Christopher Little

Death of the Rotary Engine

Christopher Little

Last Friday, the final Mazda RX-8 Spirit R rolled out of the factory in Hiroshima.  Not only did it mark the end of a true enthusiast model, but it brought about the end of the rotary engine.  For Mazda, the tradition began with Cosmo Sport back in 1967.  During that time, Mazda has produced almost 2 million rotary engines.

Image courtesy of Roadfly

Heralded for its smooth high-revving power output in an extremely compact layout, the rotary engine was originally developed by Felix Wankel in 1929.  Traditional combustion engines utilize fixed combustion cylinders with pistons that move up and down.  The Wankel rotary engine utilizes triangular-shaped rotors encased in a large oval-shaped housing.  As the rotor spins, it moves through the combustion cycle.  The intake, combustion, and exhaust phases all happen as the rotor continues its rotation, providing its trademark smoothness.  Further, the lack of any pistons and exhaust cycles found in typical cylinders allow for much higher RPM levels.

The first working prototype developed a mere 21 horsepower. The technology was licensed to many different car companies.  However, Mazda is best know for refine the technology in its road and race cars.  The outgoing Mazda RX-8’s 1.3 liter twin-rotor Wankel rotary engine produces 232 horsepower at an astounding 9,000 rpm.  That’s over a 1000% horsepower increase during the engine’s 83 years of existence.  Sadly, the search for more power isn’t the reason why this engine is being discarded.

The Wankel rotary engine has some unique challenges, like lubricating the engine components.  They are notorious oil consumers because of the necessity to oil the seals of the rotors.  With no distinct combustion zone, some of the oil is lost in the combustion cycle.  In addition, less uniform combustion means some of the fuel doesn’t burn.  This excess fuel is exhausted, lowering mileage.  These factors were part of the reason why the Mazda RX-8 failed the Euro 5 emission standards set in 2010.  This failure prevented the car from being sold in Europe.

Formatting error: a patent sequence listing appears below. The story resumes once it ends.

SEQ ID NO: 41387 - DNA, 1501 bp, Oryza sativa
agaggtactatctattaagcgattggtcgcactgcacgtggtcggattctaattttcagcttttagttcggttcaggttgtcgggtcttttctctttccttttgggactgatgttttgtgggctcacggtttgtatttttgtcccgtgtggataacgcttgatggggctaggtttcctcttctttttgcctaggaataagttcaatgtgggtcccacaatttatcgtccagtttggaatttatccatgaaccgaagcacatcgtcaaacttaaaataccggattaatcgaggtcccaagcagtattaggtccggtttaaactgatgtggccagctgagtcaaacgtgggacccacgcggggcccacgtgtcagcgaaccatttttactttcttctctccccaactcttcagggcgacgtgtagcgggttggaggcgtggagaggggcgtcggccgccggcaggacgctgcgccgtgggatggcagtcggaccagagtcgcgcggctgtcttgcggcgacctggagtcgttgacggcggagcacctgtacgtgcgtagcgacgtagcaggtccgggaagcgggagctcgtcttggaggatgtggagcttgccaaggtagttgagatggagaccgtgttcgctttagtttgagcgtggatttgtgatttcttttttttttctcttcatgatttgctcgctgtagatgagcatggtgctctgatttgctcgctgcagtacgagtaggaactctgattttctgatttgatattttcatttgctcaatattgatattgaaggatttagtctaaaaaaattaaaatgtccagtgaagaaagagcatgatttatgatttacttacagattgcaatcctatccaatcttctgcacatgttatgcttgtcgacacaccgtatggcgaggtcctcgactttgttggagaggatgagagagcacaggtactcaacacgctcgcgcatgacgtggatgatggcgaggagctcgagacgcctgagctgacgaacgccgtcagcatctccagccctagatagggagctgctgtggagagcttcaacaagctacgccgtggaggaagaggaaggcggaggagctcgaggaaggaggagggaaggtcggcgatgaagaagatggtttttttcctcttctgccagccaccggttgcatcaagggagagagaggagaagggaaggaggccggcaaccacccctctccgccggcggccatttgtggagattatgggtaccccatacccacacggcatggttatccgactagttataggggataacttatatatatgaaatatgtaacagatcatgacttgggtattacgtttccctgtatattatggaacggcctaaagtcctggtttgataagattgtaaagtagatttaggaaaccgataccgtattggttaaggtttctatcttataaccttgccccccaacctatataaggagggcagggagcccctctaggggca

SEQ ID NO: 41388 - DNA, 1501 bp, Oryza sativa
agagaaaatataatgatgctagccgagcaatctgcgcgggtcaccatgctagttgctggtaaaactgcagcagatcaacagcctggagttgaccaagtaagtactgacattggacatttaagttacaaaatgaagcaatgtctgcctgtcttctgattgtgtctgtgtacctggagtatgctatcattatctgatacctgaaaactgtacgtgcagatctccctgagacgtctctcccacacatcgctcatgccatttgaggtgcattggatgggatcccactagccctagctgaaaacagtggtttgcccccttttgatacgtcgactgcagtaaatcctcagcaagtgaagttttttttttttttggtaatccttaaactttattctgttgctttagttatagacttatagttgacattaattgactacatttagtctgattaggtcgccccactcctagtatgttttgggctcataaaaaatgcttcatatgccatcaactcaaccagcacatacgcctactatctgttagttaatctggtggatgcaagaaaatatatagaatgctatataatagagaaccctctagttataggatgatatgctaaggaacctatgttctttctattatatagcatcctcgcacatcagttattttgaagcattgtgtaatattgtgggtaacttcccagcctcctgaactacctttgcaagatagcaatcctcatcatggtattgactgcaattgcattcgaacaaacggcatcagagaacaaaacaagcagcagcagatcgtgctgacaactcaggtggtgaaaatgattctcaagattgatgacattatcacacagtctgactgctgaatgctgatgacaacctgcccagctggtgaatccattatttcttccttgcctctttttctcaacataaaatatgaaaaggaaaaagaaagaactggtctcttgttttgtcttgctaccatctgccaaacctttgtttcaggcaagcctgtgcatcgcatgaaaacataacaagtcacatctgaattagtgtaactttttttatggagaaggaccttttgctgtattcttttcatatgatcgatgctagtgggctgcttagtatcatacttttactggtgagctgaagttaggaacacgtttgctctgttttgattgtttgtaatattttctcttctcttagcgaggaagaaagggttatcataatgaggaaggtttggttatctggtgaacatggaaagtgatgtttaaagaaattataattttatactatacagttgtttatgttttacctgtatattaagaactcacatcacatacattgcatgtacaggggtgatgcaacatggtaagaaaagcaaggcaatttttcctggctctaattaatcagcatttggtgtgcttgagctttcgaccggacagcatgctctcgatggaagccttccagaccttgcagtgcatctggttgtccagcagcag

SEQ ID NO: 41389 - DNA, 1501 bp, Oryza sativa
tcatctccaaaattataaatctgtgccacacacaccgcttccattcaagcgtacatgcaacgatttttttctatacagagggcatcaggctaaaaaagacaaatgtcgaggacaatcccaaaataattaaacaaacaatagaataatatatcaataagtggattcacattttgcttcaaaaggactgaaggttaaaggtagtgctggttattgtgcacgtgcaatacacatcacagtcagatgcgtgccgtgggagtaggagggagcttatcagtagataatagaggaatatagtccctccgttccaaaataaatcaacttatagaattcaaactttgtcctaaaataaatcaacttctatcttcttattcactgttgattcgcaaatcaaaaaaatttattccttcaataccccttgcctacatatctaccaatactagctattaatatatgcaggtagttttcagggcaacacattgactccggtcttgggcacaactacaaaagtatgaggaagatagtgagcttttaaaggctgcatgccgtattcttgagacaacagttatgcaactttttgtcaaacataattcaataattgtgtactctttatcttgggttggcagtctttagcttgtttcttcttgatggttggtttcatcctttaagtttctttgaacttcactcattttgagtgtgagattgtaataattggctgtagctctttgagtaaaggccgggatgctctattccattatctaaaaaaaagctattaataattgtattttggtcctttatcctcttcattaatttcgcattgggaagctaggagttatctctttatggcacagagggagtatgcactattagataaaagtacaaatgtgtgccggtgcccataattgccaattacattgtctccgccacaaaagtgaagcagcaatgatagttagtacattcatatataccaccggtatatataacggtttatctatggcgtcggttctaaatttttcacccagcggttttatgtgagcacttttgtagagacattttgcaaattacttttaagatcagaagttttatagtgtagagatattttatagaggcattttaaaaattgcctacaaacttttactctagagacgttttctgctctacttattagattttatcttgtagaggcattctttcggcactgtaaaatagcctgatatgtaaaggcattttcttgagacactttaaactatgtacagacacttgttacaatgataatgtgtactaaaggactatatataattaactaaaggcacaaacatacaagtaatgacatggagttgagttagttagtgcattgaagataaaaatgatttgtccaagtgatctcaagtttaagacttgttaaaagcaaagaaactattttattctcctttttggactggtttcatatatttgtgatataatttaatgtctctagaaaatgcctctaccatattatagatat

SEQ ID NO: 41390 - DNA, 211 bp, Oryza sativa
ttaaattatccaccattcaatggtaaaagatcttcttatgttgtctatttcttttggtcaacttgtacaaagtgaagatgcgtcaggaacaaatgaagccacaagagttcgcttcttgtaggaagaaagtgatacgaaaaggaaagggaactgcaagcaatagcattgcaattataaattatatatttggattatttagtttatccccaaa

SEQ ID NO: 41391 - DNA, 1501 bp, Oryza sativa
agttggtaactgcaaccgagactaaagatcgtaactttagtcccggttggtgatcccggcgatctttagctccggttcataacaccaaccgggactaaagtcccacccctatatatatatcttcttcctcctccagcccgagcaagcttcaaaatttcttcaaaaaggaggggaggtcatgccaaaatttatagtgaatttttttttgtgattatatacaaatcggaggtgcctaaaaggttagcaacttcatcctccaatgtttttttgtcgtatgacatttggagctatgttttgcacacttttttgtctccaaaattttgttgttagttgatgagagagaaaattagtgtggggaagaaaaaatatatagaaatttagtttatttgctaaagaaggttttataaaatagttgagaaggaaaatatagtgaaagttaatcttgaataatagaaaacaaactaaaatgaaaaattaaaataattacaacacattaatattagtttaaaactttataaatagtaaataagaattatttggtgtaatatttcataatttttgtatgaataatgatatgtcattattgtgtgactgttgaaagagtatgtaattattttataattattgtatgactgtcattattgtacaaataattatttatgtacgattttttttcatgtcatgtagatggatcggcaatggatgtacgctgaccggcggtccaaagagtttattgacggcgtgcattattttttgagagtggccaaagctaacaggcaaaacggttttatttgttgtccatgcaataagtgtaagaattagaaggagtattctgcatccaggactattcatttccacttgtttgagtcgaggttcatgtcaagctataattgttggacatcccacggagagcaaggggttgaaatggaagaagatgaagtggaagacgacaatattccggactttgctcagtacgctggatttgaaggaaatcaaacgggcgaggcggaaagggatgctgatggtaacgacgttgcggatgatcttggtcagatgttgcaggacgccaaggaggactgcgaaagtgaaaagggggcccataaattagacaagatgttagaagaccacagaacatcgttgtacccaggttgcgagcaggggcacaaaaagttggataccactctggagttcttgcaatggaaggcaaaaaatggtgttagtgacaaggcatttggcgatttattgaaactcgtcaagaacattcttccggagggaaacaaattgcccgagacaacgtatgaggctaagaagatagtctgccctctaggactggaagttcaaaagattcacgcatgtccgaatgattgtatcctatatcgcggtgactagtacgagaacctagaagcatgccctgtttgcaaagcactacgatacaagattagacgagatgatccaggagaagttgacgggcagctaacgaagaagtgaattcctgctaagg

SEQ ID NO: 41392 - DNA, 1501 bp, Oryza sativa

The RX-8 Spirit R was a 1000 unit Japanese-market final edition, featured special Recaro seats and 19″ bronze alloy wheels.  Since the models debut in 2003, nearly 190,000 RX-8s have been produced.  With no successor announced or planned, it’s difficult to say what Mazda will do.  They’re set to redesign the MX-5, hoping to recapture the lightweight roadster market.  Perhaps we’ll also see an RX-8 replacement in the form of some competition for the new Scion FR-S and Hyundai Genesis Coupe.  That’s unlikely, however, with Mazda’s growing focus on their SkyActiv technology.  Mazda officials are also hesitant to mark this as the true death of their famed engine.  It’s possible we would see some form of rotary engine adapted into a hybrid platform, perhaps even a hydrogen-fueled rotary variant.  For now, enthusiasts, take a moment and note the passing of yet another legendary engine lost in the name of efficiency.


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